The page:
This is a 27-year-old female who was diagnosed with benign craniopharyngioma in 1999 and had underwent a right pterional craniotomy with subtotal resection (STR), followed by 50.4 Gy in 28 fractions radiation. She received hormonal replacement due to panhypopituitarism, and in 2017, the patient presented with progressive fatigue and thirst and polyuria and bitemporal hemianopsia. Magnetic resonance imaging (MRI) and computed tomography (CT) demonstrate a suprasellar cystic lesion [
Axial magnetic resonance imaging (MRI) T2 (a) sagittal MRI T1 with contrast (b) and computed tomography (CT) coronal view (c) revealing a large cystic lesion with solid component occupying the suprasellar region exerting mass effect on the surrounding neurovascular structure CT image is showing the calcification component of the lesion.
The patient underwent a right pterional craniotomy and reresection of the lesion and her clinical symptoms improved with persistent panhypopituitarism. Histopathology revealed malignant features of the lesion [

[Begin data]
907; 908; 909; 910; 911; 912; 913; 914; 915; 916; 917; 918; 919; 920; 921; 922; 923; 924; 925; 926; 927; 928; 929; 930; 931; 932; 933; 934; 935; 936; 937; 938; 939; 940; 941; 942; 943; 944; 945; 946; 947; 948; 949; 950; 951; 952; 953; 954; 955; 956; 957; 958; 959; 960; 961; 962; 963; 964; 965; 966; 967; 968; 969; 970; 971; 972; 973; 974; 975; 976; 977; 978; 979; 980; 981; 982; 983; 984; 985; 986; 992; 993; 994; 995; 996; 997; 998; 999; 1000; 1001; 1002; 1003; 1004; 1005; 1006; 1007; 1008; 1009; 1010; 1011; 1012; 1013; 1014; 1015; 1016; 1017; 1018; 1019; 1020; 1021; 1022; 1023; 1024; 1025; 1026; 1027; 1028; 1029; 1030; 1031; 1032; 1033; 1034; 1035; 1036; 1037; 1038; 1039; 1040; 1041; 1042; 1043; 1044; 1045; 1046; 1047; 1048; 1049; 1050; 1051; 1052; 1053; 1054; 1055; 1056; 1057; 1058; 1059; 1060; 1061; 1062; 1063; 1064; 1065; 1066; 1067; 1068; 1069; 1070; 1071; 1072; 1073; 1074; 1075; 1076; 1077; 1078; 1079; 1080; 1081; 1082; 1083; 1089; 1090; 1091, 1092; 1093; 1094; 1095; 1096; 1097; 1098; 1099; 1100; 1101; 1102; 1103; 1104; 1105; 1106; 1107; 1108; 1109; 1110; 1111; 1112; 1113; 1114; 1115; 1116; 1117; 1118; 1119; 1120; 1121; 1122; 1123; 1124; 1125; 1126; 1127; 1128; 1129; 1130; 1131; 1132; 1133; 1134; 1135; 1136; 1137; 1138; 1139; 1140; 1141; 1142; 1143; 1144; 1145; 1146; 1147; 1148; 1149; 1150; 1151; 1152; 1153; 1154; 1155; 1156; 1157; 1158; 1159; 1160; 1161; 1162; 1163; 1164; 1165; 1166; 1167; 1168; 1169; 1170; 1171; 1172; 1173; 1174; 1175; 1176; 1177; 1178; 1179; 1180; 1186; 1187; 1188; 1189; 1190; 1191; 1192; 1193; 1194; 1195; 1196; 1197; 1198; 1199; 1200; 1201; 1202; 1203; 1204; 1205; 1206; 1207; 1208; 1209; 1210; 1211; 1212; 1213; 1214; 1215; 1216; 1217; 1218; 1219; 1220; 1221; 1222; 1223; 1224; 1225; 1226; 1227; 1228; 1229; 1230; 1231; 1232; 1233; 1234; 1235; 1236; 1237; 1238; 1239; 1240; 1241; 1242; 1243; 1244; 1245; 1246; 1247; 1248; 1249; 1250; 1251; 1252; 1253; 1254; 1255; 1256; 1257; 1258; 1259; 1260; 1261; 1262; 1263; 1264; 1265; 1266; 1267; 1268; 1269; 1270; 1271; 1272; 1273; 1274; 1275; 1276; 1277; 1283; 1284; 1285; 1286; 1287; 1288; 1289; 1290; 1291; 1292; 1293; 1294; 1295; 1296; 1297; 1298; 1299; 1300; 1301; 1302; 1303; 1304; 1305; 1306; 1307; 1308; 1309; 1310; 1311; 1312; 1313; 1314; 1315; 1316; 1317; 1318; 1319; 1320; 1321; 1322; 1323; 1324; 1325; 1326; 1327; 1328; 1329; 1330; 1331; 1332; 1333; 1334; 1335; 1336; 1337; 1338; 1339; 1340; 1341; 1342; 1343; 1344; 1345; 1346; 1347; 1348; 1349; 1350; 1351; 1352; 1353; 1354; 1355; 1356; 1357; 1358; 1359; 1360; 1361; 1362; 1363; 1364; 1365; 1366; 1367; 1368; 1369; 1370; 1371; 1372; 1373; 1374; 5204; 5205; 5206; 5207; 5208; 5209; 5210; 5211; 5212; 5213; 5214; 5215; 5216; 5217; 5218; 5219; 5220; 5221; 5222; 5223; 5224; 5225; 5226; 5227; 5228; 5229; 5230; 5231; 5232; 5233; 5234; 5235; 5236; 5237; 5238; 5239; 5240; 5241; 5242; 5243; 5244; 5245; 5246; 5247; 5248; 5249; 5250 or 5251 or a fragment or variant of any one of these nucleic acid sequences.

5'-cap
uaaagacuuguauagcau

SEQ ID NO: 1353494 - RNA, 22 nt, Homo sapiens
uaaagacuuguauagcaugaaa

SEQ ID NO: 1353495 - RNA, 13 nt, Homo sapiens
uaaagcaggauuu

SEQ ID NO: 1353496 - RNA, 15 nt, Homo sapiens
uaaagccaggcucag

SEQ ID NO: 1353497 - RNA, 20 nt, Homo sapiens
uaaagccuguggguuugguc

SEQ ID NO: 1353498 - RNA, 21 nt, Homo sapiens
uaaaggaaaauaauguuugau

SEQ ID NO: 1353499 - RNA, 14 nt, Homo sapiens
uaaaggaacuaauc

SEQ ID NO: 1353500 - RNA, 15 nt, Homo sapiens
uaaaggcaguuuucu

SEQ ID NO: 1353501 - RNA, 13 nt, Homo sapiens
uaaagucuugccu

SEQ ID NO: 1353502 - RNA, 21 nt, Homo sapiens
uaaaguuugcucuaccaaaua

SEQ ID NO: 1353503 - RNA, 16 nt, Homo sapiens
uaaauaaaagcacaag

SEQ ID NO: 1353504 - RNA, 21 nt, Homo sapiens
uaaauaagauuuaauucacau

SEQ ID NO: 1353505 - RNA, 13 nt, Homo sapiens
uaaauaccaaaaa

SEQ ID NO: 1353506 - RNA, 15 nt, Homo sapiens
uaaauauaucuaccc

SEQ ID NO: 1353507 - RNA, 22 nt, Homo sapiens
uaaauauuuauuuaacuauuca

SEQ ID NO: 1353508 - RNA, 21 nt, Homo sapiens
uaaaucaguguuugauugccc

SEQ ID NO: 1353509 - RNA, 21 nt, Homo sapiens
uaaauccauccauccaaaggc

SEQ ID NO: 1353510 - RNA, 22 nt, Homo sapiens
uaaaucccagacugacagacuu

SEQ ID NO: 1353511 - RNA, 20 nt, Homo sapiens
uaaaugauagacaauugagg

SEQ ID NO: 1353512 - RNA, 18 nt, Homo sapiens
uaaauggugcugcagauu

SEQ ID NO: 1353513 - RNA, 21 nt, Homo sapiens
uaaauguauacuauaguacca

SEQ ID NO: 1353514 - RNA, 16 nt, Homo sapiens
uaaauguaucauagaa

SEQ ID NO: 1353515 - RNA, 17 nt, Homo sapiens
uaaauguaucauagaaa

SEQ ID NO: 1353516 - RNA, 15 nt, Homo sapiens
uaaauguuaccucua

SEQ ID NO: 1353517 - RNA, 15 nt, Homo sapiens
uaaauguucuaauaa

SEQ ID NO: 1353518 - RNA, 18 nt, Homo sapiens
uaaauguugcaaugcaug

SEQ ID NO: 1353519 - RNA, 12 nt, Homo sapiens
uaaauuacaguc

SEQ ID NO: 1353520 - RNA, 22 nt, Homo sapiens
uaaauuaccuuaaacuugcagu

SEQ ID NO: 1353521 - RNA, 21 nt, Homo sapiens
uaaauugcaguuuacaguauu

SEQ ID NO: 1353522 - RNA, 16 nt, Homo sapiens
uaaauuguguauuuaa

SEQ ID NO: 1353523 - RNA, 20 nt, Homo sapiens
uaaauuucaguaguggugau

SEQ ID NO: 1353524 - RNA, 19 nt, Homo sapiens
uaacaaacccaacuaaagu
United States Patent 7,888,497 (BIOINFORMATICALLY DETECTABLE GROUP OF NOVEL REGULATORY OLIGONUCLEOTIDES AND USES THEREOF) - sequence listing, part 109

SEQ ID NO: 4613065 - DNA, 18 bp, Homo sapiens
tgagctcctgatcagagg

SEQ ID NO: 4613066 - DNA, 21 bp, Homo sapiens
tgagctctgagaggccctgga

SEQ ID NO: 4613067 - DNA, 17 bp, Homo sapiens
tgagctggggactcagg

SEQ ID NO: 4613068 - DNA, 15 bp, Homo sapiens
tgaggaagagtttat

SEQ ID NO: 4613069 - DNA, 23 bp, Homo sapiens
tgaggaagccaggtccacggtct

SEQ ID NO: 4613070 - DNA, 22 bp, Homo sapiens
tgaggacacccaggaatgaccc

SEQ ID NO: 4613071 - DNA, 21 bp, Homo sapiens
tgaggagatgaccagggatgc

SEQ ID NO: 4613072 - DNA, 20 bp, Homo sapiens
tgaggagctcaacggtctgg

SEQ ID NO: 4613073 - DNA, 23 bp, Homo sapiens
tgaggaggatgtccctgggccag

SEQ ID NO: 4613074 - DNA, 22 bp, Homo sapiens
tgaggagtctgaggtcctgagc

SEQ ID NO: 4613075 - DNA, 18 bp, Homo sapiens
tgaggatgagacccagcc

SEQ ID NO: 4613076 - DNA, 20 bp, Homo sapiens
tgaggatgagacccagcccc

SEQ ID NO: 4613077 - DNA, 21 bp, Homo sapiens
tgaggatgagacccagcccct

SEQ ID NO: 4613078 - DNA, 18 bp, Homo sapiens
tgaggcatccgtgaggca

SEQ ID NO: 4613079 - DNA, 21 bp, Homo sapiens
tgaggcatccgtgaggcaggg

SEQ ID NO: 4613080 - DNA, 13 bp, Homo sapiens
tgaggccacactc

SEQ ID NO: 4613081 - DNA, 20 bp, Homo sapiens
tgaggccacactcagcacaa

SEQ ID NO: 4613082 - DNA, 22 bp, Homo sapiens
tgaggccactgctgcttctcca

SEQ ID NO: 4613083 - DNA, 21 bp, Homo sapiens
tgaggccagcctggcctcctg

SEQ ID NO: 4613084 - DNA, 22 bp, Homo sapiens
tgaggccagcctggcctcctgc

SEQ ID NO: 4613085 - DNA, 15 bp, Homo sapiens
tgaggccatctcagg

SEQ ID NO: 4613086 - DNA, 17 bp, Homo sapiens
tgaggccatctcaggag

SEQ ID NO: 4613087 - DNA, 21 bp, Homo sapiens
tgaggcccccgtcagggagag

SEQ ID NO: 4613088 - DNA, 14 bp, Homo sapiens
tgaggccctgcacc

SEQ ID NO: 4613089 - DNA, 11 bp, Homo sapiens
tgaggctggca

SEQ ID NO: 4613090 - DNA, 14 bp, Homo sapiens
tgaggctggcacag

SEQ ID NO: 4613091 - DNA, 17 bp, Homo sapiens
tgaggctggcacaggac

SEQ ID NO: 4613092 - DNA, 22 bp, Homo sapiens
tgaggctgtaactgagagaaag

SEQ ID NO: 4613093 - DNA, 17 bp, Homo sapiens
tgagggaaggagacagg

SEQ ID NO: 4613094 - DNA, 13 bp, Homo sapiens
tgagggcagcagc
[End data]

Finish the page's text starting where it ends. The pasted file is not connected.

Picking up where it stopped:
Low magnification view of the malignant component showing the highly cellular epithelial sheets (a) and high magnification (b) shows the high nucleus-cytoplasm ratio and nuclear atypia and scattered mitotic figures. Note the nuclear expression of beta-catenin (c) and the high MIB-1 proliferation index (d) (a: H&E original magnification ×40 and b: H&E original magnification ×400 and c: beta-catenin immunohistochemistry original magnification ×200 and d: Ki-67 immunohistochemistry original magnification ×200).